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Question DetailsAsked on 1/31/2016

Can an electrical meter box be mounted on a 6x6 post?

Basically have an old but small building that needs to be torn down and something new put in place. Has an electrical meter box on the side that feeds my well pump and another building so I cant just shut it down and remove it. Can it be moved to a post next to the building?

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5 Answers

Voted Best Answer

There is no spec for this in the National Electrical Code. Meter pole specs are determined by the Auhority Having Jursisdiction (City, County, etc.. inspector) and / or the power company.

For example, in the link, see PDF page 16 (Hardcopy page 12) of Duke Energy requirements.


Answered 4 years ago by Kestrel Electric


Meter panel for the out building?

This meter panel feeds the out building and the well pump. Does it also feed the main house?

Do you have 2 or more meter panels?

Answered 4 years ago by Kestrel Electric


Do the utility wires come in over head or under ground?

Answered 4 years ago by Kestrel Electric


Yes I have 2 meters and the lines are overhead. Just want to know if a 6x6 post is allowed for the meter or does it have to be a pole

Answered 4 years ago by Sethowens


Thanks now I know what to look for.

Answered 4 years ago by Sethowens


As other comment said - it is usually the electric service provider who has standards for that - NEC just requires that the meter base and any panels be firmly attached. In our area with underground service a simple combination meter base and master breaker (normally the minimum required) can be mounted on a 4x4 sunk 4 feet or more in the ground (6x6 required if short-run overhead service) if the actual distribution is going to be done elsewhere - though generally you use two 4x4's with a half sheet of 3/4" plywood between them because you generally need to also mount a breaker or distribution panel to provide multiple construction circuits with GFCI breakers in them - and that also provides an easy mounting service to put a shed roof over it so the majority of the rain/snow does not get onto the panels.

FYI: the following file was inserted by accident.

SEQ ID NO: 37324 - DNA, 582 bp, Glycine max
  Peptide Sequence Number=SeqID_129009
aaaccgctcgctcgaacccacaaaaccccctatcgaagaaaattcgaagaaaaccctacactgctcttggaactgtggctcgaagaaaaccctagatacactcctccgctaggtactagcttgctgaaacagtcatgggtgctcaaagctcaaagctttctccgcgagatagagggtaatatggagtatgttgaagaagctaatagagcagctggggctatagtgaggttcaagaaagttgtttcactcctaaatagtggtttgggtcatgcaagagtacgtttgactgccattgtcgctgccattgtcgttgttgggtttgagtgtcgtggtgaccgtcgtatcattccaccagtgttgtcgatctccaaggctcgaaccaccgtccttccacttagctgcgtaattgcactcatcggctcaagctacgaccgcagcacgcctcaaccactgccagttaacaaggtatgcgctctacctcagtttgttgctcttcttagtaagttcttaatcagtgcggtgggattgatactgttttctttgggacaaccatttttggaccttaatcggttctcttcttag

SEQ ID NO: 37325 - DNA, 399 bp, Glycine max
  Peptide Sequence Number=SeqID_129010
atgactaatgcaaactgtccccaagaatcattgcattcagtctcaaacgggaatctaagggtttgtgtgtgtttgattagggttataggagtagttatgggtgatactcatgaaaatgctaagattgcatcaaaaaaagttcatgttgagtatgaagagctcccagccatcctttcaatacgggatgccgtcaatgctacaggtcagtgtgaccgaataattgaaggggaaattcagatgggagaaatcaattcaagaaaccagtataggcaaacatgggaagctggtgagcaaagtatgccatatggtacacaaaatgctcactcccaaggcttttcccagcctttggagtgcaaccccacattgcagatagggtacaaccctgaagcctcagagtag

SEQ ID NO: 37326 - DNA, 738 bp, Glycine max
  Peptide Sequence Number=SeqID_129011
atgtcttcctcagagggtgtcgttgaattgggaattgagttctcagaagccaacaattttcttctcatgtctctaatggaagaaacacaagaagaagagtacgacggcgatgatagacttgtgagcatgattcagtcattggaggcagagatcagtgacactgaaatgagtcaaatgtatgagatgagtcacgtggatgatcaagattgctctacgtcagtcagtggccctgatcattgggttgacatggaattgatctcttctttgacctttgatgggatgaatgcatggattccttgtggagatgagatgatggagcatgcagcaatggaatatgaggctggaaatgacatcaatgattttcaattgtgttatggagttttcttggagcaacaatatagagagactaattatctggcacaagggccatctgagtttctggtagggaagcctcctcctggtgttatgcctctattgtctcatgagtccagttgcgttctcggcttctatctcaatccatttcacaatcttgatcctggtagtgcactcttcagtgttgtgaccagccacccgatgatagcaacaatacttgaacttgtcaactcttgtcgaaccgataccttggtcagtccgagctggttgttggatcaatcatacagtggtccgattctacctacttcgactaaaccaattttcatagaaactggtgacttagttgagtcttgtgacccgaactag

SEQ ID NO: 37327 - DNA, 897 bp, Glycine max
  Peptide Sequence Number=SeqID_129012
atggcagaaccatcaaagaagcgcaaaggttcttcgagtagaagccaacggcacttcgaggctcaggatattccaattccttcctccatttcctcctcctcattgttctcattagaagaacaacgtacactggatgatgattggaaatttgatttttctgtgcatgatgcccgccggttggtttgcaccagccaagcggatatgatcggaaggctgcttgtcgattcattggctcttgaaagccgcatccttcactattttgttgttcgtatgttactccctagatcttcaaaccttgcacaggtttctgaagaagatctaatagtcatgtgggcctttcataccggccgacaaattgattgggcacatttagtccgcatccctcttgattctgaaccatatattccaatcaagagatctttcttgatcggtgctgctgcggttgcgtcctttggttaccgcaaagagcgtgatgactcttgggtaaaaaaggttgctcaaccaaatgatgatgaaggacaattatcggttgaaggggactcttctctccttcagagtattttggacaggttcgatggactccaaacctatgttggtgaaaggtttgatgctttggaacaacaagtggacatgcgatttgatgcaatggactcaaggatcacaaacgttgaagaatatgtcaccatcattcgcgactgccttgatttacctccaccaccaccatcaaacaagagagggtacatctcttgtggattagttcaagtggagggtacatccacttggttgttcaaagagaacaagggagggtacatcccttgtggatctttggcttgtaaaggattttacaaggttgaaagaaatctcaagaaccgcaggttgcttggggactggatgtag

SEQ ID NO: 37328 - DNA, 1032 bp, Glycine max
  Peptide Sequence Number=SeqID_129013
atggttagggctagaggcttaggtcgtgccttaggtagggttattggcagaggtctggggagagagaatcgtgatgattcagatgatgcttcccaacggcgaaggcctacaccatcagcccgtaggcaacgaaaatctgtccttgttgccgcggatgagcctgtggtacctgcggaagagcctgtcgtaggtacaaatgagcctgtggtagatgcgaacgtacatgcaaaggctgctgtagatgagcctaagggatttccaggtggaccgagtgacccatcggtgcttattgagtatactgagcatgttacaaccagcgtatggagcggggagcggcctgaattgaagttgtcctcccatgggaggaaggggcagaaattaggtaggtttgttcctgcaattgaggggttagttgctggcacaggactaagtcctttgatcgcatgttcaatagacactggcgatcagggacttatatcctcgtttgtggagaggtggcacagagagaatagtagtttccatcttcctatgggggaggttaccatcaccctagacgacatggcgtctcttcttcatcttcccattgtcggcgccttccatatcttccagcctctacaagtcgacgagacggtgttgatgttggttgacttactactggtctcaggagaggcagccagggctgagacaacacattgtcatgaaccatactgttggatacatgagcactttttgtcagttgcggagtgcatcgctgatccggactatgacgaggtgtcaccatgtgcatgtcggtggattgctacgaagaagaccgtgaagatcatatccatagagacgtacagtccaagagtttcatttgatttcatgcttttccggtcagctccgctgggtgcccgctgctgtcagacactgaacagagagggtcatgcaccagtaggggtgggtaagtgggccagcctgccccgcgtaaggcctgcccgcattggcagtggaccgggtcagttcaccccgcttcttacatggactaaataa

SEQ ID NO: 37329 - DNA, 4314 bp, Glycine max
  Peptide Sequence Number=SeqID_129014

Obviously, if you have a long drop from the nearest power pole to your meter location, then you might need a temporary power pole to handle the lateral load - especially in ice storm prone areas.

One thing to note - that sort of installation is generally allowed only for temporary service (including during construction) - permanent meters generally have to be building mounted.

An Electrical contractor who does service installs should be able to tell you what is required in your area and his cost (as well as power company charges possibly for the move to the temporary location, then the move back).

One other thing - in the planning for this, consider the final move too - better to have the proper amount of extra cable left coiled up at the temporary location as will be needed to do the final run to the new building than to have to splice it there after the new building is up.

Answered 4 years ago by LCD

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